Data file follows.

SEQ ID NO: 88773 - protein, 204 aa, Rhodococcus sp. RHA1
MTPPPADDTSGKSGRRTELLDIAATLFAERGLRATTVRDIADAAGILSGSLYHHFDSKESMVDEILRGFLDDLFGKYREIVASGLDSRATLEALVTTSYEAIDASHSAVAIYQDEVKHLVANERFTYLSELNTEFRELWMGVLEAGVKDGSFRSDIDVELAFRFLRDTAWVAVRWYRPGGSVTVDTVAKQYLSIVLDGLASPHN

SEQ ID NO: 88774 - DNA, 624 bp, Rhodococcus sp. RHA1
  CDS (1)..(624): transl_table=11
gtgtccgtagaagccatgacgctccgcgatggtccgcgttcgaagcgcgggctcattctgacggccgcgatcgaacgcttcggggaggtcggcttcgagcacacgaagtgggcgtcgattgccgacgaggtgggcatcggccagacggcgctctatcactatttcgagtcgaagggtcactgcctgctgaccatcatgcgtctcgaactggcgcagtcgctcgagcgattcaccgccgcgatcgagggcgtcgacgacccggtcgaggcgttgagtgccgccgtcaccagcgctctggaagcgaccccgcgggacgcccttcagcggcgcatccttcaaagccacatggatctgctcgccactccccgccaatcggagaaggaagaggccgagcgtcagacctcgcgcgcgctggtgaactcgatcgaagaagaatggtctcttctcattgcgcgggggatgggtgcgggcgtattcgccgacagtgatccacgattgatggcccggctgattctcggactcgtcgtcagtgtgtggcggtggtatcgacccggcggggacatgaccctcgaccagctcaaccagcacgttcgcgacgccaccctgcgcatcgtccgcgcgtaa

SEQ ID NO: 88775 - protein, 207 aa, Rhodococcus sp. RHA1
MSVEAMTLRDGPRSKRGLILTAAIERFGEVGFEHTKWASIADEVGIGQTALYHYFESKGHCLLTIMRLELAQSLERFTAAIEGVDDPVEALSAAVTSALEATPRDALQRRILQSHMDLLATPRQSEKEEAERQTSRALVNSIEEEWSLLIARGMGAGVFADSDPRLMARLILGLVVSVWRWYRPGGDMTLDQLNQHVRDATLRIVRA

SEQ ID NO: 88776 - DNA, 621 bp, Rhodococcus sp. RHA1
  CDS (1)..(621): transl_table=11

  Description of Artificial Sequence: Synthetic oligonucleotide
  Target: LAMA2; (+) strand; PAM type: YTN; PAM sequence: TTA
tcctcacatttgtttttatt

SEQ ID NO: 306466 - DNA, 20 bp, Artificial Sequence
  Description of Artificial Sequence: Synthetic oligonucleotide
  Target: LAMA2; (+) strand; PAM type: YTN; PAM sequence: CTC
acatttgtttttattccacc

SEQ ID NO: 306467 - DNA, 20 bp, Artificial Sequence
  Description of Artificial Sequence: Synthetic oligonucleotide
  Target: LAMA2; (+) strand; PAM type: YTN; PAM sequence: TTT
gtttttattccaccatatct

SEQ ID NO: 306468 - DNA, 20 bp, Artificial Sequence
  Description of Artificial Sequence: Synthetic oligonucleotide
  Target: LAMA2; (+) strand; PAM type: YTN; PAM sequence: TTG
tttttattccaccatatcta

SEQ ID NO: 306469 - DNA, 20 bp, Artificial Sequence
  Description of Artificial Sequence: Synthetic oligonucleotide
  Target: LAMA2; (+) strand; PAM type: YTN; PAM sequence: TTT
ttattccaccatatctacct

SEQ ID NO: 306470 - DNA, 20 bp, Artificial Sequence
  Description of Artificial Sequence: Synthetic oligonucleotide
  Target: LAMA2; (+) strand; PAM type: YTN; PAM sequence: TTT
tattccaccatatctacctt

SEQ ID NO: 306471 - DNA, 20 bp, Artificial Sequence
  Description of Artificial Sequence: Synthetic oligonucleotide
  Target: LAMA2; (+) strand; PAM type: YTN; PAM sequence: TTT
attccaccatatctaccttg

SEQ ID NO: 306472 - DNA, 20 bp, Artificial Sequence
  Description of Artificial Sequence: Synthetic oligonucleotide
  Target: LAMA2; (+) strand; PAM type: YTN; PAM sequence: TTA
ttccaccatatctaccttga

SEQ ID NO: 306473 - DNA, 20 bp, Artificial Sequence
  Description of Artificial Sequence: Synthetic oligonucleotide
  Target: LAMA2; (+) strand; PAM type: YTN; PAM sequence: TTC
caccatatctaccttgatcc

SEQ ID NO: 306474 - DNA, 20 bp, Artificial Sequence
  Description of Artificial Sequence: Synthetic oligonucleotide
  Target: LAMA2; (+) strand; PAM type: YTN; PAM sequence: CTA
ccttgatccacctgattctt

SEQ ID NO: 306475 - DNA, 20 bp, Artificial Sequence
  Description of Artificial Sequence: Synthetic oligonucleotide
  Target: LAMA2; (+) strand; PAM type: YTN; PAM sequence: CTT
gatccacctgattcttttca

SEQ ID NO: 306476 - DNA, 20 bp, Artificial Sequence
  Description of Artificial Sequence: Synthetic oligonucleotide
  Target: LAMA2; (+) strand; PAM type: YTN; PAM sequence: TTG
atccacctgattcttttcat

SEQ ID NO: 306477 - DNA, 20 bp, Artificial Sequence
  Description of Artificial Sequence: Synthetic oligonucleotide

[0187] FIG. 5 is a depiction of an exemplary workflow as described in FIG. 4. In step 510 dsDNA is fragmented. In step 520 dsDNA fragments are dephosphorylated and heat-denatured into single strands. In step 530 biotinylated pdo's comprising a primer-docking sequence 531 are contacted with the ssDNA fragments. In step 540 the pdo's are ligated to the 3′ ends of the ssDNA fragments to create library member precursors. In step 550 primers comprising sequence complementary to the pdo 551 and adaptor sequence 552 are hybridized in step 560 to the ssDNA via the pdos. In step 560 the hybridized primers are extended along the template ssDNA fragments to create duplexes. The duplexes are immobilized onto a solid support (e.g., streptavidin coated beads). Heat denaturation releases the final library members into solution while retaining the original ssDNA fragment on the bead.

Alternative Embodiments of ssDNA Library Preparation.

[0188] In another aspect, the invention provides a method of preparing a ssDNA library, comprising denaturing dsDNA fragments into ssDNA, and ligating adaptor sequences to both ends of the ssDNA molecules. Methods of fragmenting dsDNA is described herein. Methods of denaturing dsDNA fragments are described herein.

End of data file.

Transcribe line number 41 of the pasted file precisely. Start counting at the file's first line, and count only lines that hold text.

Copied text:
SEQ ID NO: 306473 - DNA, 20 bp, Artificial Sequence